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China blasts WHO chief over criticism of Xi’s Covid-Zero policy

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BEIJING: China denounced the World Health Organization chief’s criticism of its zero-tolerance Covid strategy, defending a policy that has left it increasingly isolated on the world stage and under pressure from its own citizens at home.
Foreign ministry spokesman Zhao Lijian hailed the merits of China’s lockdown-dependent Covid Zero approach Wednesday in response to criticism from WHO Director-General Tedros Adhanom Ghebreyesus. Tedros had argued a day earlier that the strategy was no longer sustainable, saying that a “shift would be very important.”
“We hope the relevant individual will make objective and reasonable views of China’s epidemic protocol and policy and try to get a better understanding of the facts and refrain from making irresponsible remarks,” Zhao told reporters at a regular briefing in Beijing.
The dispute is notable because the WHO, and Tedros in particular, has provided a source of support for President Xi Jinping since the coronavirus was first discovered in the central Chinese city of Wuhan. Tedros’s early praise of China’s response prompted then-US President Donald Trump to accuse the WHO of pandering to Beijing. He also threatened to withdraw the US from the world health body.
Tedros was among the world leaders who attended the Beijing Winter Games earlier this year, even as the US and other Western countries waged diplomatic boycotts over human rights issues. The WHO’s decision to skip over the letter “xi” in the Greek alphabet while naming the Omicron variant also fueled claims that it was attempting to protect the Chinese president.
The remarks spurred fresh debate about the Covid Zero strategy on China’s heavily censored social media networks, where videos of Tedros’s remarks were shared and quickly deleted. China’s supreme political body, the Politburo Standing Committee, last week vowed to “resolutely fight any attempts to distort, question or deny” its policy, in a possible sign of internal divisions on the issue.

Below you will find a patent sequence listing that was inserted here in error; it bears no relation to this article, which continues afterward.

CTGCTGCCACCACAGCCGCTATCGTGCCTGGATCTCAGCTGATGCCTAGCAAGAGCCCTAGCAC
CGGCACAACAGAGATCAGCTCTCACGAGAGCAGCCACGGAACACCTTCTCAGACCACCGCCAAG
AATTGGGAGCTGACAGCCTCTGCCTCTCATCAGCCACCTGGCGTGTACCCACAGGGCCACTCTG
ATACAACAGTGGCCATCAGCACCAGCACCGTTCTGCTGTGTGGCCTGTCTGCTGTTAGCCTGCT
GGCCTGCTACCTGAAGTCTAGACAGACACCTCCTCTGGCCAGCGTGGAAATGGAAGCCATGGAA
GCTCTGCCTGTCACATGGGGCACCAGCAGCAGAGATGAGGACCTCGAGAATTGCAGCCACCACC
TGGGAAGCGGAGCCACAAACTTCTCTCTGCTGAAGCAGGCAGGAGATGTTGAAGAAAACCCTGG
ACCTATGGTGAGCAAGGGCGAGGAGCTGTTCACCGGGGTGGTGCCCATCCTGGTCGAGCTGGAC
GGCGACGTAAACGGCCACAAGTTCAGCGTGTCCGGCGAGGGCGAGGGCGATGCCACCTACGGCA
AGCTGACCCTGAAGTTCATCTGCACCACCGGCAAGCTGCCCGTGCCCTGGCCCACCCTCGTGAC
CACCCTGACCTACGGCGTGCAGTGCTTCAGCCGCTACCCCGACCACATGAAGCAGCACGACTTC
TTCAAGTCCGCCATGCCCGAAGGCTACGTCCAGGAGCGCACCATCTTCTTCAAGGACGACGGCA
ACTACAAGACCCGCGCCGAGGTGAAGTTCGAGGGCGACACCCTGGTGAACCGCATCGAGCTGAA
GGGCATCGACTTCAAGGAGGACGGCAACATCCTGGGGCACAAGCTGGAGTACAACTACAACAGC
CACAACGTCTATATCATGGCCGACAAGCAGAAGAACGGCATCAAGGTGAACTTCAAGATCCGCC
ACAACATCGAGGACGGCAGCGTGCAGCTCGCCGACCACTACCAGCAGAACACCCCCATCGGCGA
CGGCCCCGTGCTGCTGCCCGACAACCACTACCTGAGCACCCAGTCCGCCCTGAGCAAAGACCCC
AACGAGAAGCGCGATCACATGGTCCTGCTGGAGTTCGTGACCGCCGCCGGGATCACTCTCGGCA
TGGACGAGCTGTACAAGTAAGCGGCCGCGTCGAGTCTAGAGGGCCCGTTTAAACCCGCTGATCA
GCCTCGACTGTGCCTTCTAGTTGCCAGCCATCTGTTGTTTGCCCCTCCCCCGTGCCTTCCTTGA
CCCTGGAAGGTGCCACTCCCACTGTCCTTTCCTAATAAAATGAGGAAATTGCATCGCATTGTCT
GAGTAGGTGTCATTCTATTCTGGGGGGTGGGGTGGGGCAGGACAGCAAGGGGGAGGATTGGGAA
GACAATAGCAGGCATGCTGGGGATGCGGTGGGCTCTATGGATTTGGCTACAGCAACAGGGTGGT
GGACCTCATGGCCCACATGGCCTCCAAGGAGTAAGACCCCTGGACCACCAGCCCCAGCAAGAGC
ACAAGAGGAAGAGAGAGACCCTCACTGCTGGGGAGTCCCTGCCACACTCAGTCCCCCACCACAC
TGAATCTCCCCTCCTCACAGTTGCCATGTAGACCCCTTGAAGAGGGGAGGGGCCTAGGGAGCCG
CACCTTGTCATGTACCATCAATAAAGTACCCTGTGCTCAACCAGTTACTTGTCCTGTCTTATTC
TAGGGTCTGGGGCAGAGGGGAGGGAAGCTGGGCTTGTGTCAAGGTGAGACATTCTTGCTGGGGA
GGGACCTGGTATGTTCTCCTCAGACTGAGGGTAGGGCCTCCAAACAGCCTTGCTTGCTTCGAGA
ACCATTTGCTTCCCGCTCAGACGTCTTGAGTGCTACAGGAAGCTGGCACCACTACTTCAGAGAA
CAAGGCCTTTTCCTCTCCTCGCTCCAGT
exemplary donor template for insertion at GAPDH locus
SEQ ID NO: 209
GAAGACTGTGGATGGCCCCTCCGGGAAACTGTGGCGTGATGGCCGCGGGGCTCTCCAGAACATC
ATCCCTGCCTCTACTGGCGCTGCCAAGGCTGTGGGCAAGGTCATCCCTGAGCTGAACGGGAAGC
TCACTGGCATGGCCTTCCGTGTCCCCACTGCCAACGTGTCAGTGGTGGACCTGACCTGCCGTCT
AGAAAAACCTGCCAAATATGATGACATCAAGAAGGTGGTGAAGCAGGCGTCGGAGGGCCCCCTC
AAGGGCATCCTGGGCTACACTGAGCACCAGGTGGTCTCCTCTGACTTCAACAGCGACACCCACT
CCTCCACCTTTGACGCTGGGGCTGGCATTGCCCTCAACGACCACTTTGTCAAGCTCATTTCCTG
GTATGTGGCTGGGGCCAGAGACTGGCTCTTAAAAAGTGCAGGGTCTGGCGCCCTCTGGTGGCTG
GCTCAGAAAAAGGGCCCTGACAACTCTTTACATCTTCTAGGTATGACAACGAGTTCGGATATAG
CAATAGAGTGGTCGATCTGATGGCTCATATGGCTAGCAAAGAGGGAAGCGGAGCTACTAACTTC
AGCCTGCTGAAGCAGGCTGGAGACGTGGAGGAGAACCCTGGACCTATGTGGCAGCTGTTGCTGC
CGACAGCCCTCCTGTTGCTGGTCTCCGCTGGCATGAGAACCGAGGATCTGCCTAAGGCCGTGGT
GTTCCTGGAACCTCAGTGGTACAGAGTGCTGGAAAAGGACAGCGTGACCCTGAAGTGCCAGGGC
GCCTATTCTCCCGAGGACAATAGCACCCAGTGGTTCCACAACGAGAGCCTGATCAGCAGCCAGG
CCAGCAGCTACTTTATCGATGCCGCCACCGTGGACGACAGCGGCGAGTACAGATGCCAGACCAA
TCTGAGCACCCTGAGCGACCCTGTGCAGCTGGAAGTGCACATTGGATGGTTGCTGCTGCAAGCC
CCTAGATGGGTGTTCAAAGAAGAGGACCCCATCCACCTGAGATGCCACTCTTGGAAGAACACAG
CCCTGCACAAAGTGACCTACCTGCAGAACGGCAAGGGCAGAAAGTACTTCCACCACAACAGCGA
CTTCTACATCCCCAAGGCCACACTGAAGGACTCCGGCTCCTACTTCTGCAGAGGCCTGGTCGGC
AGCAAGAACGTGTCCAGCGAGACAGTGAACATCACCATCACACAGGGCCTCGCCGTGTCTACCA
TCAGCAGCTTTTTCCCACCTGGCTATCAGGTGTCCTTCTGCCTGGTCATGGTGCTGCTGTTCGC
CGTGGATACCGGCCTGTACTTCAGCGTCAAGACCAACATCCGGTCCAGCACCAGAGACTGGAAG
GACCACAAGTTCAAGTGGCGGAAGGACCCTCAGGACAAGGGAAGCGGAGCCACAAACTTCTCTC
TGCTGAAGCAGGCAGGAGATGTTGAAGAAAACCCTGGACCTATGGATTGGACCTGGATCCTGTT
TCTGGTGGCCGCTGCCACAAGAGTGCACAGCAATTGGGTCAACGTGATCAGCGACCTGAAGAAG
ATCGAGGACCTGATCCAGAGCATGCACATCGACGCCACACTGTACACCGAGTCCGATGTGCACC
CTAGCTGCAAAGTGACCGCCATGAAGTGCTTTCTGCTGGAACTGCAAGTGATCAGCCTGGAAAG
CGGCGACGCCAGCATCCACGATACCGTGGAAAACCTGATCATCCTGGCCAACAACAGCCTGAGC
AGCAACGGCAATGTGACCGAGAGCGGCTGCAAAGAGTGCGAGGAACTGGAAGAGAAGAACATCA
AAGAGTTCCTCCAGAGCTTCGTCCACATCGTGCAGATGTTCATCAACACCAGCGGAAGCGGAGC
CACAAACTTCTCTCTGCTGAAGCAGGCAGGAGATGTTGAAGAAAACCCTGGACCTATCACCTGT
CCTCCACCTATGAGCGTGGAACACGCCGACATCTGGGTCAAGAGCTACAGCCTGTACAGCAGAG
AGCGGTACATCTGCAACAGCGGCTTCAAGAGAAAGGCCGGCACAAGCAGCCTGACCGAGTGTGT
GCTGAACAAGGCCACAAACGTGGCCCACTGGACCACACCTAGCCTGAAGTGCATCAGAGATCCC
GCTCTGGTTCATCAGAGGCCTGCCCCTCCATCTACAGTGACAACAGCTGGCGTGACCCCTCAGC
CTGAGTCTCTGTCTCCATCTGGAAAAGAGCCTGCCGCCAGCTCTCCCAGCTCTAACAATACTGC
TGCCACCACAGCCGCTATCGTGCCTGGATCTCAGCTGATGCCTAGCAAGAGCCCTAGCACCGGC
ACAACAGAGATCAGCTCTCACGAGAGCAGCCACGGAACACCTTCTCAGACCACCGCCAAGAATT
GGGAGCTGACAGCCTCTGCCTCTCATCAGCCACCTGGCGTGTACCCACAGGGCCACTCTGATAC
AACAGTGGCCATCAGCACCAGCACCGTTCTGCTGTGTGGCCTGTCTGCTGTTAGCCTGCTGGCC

Former Global Times Editor-in-Chief Hu Xijin, dismissed Tedros’s criticism in social media posts Wednesday, saying it “doesn’t matter” what the UN body says. “The West thinks this disease is gone, but is it gone? If others don’t know, should WHO know better?” Hu said.
Still, Hu, an influential commentator, hinted at debate over how Covid should be handled. “Currently there’re some disagreements in China. This is the reason the WHO comments caused a stir,” he wrote, adding “we need to overcome these disagreements and form a new consensus.”
Last week, Hu himself cast doubt on China’s strategy and in an article initially posted to his official WeChat account, he said the Chinese capital is facing a make-or-break battle against Omicron and Covid Zero is only worth pursuing when the cost is manageable. The piece was subsequently deleted.
In May 2020, Chinese foreign minister Wang Yi defended Tedros from Trump’s criticism by saying the WHO under his leadership had “done a good job” and that countries that “ignored or rejected its advice are paying a heavy price.” Last month, Zhao, the Foreign Ministry spokesman, said China’s Covid Zero strategy was “consistent with its national realities and the WHO’s guiding principles.”
The WHO has long been critical of lockdowns, advocating a moderate approach that balances outbreak control with their social and economic impacts. The remarks by Tedros were noticeable in that they specifically took issue with a policy so closely associated with Xi.
Some on Chinese social media sardonically said that Tedros had gone from “general secretary” — in a nod to his early support for the Communist Party’s line — to “traitor.” One joke in circulation offered a play on the WHO’s name saying: “Who tells China it’s time to shift away from its Covid Zero strategy?!” The implied answer was “no one.”
On Wednesday, Zhao offered a long defense of China’s approach to the virus, contrasting it with numbers of deaths in places like the US. He cited a Fudan University study that found the country risks a “tsunami” of coronavirus infections resulting in 1.6 million deaths if the government abandons the Covid Zero policy.
“I would like to tell you explicitly that no matter how hard it is, the Chinese people, the Chinese government has every confidence in winning the critical and hard battle against Covid-19 to bring it under control,” Zhao said. “And we have the foundation and capability to achieve dynamic Zero Covid.”





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